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There’s No Water Under The Bridge


Faith Chase, a 50-year resident of Maui, is a mother and grandmother who has testified at many Maui County and Hawaii State hearings. Her interest in island agriculture inspired her turn from graphic design to writing.

no water

There has been 150 years of water theft from East Maui by conglomerate sugar barons. Their gross entitled attitudes have overflowed into abuse of power in cooperation with status quo, bought-off politicians. The reprehensible damage done to this remote East Maui area is not all visible. The fallow fields of kalo that once were, are easy to see …. the missing bodies of the farming landscape, are not. It has been estimated that from 1990-2010 88% of the able would-be farmers of this area were felled by drugs, prison and/or death.

For two decades, drugs were rampant in the rural villages of East Maui and it took another decade to rid the deep decay it caused. It took strong parents and elders to share stories, help families get by, and strengthen the next generation of non-drug users. In general, it has been found that rural areas have suffered from chronic drug problems. To address this, the American Farm Bureau Federation and the National Farmers Union have worked tirelessly on opioid addiction at the national policy level.

opioid impact on farm country
Graphic via article at

In the 1800’s, East Maui was the breadbasket of Maui – farming kalo, feeding its people, and exporting its excess. That changed in 1870 when Alexander & Baldwin starting diverting East Maui water for its sugar plantations which resulted in empty stream beds and fierce invasive species that began to dominate the area. After A&B received multiple water permit extensions and engaged in decades of mutli-layered, multi-agency rhetoric, East Maui’s demand for the end of water diversions prompted litigation by farmers and Hawaiian gatherers. Despite a court ruling that there shall be no additional extensions of temporary revocable water permits, the A&B real estate corporation, under the guise of sugar cane farming, has pleaded with gross ridicule against the area’s indigenous and intergenerational farmers.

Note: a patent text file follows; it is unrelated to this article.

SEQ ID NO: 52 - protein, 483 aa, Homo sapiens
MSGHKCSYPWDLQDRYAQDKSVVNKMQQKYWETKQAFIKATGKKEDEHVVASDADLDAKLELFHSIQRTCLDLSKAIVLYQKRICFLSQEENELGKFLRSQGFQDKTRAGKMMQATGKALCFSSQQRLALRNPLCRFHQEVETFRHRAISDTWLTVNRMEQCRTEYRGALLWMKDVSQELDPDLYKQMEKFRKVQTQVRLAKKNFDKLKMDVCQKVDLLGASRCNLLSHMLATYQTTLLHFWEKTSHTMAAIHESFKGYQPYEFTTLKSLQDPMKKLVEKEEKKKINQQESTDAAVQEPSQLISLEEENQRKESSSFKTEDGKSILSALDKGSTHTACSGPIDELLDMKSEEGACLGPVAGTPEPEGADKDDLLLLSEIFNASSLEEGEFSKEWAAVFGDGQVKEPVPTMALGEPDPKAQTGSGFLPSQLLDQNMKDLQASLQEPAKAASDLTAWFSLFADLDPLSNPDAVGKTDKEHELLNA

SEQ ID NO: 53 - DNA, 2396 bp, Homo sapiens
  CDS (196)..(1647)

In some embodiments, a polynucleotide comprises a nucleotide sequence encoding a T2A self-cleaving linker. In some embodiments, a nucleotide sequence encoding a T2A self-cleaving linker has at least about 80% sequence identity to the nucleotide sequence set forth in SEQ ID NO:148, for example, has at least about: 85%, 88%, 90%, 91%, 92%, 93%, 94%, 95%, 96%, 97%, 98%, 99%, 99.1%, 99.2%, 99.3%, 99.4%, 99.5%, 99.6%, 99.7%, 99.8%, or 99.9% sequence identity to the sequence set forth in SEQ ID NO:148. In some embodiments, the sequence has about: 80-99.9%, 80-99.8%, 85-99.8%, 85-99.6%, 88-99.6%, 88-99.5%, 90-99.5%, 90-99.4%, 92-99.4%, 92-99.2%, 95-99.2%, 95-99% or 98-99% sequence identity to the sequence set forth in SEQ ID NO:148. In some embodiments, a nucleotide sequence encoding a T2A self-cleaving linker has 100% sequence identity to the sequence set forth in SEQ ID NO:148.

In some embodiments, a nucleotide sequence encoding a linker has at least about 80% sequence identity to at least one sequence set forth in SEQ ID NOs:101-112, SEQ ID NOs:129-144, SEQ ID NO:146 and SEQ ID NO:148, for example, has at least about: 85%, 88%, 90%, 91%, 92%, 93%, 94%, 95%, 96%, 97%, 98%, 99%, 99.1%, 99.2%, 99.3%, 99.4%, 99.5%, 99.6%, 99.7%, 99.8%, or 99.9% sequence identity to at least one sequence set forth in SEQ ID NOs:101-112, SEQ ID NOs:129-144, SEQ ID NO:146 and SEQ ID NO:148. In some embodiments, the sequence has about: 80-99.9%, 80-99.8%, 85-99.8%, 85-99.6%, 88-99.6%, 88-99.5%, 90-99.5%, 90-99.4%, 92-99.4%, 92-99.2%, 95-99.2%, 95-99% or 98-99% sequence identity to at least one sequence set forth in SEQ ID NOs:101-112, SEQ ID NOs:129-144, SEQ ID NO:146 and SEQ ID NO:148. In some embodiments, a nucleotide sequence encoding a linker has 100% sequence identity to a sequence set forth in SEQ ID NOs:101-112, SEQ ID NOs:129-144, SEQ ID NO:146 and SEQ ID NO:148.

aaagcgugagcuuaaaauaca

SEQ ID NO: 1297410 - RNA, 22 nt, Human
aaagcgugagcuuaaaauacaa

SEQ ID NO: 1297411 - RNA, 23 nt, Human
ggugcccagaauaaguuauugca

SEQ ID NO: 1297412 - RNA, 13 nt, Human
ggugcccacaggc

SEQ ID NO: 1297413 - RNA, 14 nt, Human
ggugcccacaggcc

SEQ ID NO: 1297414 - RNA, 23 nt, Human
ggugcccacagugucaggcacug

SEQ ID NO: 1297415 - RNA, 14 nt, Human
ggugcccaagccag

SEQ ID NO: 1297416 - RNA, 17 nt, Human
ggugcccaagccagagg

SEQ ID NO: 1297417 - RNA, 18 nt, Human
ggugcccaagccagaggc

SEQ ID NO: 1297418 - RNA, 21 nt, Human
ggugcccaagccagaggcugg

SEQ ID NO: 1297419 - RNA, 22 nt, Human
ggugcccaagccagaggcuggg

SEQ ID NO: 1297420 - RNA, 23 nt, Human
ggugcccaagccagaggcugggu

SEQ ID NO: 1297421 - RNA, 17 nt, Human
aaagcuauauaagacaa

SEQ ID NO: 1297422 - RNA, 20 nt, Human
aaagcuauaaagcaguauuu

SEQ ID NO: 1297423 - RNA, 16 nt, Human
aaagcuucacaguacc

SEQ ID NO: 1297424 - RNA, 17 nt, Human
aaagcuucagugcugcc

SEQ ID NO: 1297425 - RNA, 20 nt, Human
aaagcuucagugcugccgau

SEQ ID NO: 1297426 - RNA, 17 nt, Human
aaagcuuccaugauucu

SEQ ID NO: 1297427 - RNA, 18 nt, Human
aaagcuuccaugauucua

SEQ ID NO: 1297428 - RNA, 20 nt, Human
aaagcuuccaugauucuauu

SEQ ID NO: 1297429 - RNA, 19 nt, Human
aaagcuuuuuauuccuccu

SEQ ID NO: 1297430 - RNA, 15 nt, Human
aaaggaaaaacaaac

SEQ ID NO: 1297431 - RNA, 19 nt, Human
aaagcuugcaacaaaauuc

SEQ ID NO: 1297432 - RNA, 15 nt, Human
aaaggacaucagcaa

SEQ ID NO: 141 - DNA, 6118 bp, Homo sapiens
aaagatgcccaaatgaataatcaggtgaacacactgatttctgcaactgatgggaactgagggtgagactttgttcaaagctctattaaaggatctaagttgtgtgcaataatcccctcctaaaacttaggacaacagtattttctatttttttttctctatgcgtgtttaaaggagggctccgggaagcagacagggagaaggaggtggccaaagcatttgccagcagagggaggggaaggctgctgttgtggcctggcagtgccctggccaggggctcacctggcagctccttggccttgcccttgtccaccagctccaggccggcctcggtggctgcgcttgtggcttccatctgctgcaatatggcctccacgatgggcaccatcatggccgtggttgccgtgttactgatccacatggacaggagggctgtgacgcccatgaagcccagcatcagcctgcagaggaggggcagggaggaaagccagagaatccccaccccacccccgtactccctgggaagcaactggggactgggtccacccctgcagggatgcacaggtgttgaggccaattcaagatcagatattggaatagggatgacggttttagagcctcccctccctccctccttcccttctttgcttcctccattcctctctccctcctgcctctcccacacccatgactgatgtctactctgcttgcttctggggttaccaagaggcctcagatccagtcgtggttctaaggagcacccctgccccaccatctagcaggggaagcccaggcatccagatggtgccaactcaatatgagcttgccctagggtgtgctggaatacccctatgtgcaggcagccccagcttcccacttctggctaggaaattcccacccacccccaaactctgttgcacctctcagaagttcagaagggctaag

A&B has not used appropriate metrics with regard to its business on Maui and the results have had a miserable and catastrophic impact. Its reliance on past corruption drives this company’s approach and, if it continues, this will lead to self sabotage. Everyone associated with the direction this company is taking is an accomplice to the fate of fallen farmers. Lack of adequate support for farmers occurs not only in Hawai‘i, but is also pervasive on the US mainland and in other farming countries.

The New Republic reports:

“Besides weather, the entities that control farm prices largely have to do with business interests that lobby heavily at the state and federal levels. If the behavioral health state of farmers if poor, you can bet those lobbies are winning.” – Mike Rosmann is a farmer and clinical psychologist who runs AgriWellness, a non-profit connecting farmers to behavioral health services.

The tireless efforts of peaceful, law abiding residents have yet to achieve their objective of full stream flow restoration. There have been countless rallys, focus groups, meetings, public testimonies, and conversations for all who would listen. The one hundred fifty year water diversions are a sad chapter in Hawai‘i’s history. There’s no water under the bridge – and that’s the point!

The illegal overthrow of the Kingdom of the Hawaiian Islands and the U.S. State of Hawai‘i’s allegiance to corporate control has never seen such a spotlight. The people power of hanging topics on social media clotheslines leaves little wiggle room for continued unfair and greedy practices. Repeat offenses have spurred and strengthened Kingdom of the Hawaiian Islands connections and native tenant rights.

Intergenerational farming and ahupua‘a restoration are flourishing as State of Hawaii‘i elected officials once again consider extending water rights to A&B’s would-be successor, Mahi Pono. As this stretch of their 2019 legislative calendar comes to a close, all of Hawai‘i Nei looks for pono leadership from lawmakers. They can correct the longstanding injustice, let House Bill 1326 die, and restore water – hence food, people and place.

Honomanu circa 1800's
Honomanu Valley, Maui circa 1800’s

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